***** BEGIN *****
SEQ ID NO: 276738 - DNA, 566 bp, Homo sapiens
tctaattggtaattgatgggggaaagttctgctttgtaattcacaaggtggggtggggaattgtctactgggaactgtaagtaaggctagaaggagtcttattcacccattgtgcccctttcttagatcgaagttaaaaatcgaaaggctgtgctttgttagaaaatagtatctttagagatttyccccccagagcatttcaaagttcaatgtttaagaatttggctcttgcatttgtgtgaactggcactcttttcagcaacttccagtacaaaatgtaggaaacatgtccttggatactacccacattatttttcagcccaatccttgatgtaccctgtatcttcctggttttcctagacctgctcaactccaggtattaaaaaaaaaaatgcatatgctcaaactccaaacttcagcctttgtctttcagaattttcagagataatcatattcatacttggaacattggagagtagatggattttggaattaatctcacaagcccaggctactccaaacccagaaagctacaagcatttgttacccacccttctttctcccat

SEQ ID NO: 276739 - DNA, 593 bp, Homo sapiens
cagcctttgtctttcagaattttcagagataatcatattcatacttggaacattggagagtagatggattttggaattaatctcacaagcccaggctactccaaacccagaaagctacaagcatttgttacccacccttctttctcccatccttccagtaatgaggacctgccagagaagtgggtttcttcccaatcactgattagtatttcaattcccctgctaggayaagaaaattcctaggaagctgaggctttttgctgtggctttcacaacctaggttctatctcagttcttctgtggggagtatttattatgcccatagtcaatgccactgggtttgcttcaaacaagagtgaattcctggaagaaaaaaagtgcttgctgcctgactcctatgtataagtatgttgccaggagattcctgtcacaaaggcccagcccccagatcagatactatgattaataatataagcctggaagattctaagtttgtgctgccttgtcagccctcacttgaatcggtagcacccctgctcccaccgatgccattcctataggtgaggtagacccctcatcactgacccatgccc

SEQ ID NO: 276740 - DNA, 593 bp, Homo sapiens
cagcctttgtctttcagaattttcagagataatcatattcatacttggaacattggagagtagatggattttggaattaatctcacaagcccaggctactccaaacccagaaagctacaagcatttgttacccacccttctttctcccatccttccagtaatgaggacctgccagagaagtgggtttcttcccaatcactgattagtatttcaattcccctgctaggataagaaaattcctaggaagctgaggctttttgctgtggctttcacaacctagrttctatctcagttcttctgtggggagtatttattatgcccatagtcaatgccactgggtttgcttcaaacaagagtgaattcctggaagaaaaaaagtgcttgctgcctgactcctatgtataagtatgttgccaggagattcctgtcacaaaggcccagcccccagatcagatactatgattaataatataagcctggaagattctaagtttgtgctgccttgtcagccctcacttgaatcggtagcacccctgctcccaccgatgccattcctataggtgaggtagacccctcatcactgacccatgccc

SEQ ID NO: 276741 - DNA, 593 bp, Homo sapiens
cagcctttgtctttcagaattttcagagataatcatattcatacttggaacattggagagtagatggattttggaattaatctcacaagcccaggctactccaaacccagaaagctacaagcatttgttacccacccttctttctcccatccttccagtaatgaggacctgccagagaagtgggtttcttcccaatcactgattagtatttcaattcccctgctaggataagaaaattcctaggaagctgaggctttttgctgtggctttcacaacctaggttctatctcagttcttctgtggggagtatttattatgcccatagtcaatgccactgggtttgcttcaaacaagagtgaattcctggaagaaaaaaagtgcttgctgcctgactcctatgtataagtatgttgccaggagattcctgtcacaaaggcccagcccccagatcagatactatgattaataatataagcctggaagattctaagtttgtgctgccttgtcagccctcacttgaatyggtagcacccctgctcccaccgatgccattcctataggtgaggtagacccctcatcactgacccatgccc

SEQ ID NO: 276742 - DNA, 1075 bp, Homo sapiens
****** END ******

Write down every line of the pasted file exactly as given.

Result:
SEQ ID NO: 276738 - DNA, 566 bp, Homo sapiens
tctaattggtaattgatgggggaaagttctgctttgtaattcacaaggtggggtggggaattgtctactgggaactgtaagtaaggctagaaggagtcttattcacccattgtgcccctttcttagatcgaagttaaaaatcgaaaggctgtgctttgttagaaaatagtatctttagagatttyccccccagagcatttcaaagttcaatgtttaagaatttggctcttgcatttgtgtgaactggcactcttttcagcaacttccagtacaaaatgtaggaaacatgtccttggatactacccacattatttttcagcccaatccttgatgtaccctgtatcttcctggttttcctagacctgctcaactccaggtattaaaaaaaaaaatgcatatgctcaaactccaaacttcagcctttgtctttcagaattttcagagataatcatattcatacttggaacattggagagtagatggattttggaattaatctcacaagcccaggctactccaaacccagaaagctacaagcatttgttacccacccttctttctcccat

SEQ ID NO: 276739 - DNA, 593 bp, Homo sapiens
cagcctttgtctttcagaattttcagagataatcatattcatacttggaacattggagagtagatggattttggaattaatctcacaagcccaggctactccaaacccagaaagctacaagcatttgttacccacccttctttctcccatccttccagtaatgaggacctgccagagaagtgggtttcttcccaatcactgattagtatttcaattcccctgctaggayaagaaaattcctaggaagctgaggctttttgctgtggctttcacaacctaggttctatctcagttcttctgtggggagtatttattatgcccatagtcaatgccactgggtttgcttcaaacaagagtgaattcctggaagaaaaaaagtgcttgctgcctgactcctatgtataagtatgttgccaggagattcctgtcacaaaggcccagcccccagatcagatactatgattaataatataagcctggaagattctaagtttgtgctgccttgtcagccctcacttgaatcggtagcacccctgctcccaccgatgccattcctataggtgaggtagacccctcatcactgacccatgccc

SEQ ID NO: 276740 - DNA, 593 bp, Homo sapiens
cagcctttgtctttcagaattttcagagataatcatattcatacttggaacattggagagtagatggattttggaattaatctcacaagcccaggctactccaaacccagaaagctacaagcatttgttacccacccttctttctcccatccttccagtaatgaggacctgccagagaagtgggtttcttcccaatcactgattagtatttcaattcccctgctaggataagaaaattcctaggaagctgaggctttttgctgtggctttcacaacctagrttctatctcagttcttctgtggggagtatttattatgcccatagtcaatgccactgggtttgcttcaaacaagagtgaattcctggaagaaaaaaagtgcttgctgcctgactcctatgtataagtatgttgccaggagattcctgtcacaaaggcccagcccccagatcagatactatgattaataatataagcctggaagattctaagtttgtgctgccttgtcagccctcacttgaatcggtagcacccctgctcccaccgatgccattcctataggtgaggtagacccctcatcactgacccatgccc

SEQ ID NO: 276741 - DNA, 593 bp, Homo sapiens
cagcctttgtctttcagaattttcagagataatcatattcatacttggaacattggagagtagatggattttggaattaatctcacaagcccaggctactccaaacccagaaagctacaagcatttgttacccacccttctttctcccatccttccagtaatgaggacctgccagagaagtgggtttcttcccaatcactgattagtatttcaattcccctgctaggataagaaaattcctaggaagctgaggctttttgctgtggctttcacaacctaggttctatctcagttcttctgtggggagtatttattatgcccatagtcaatgccactgggtttgcttcaaacaagagtgaattcctggaagaaaaaaagtgcttgctgcctgactcctatgtataagtatgttgccaggagattcctgtcacaaaggcccagcccccagatcagatactatgattaataatataagcctggaagattctaagtttgtgctgccttgtcagccctcacttgaatyggtagcacccctgctcccaccgatgccattcctataggtgaggtagacccctcatcactgacccatgccc

SEQ ID NO: 276742 - DNA, 1075 bp, Homo sapiens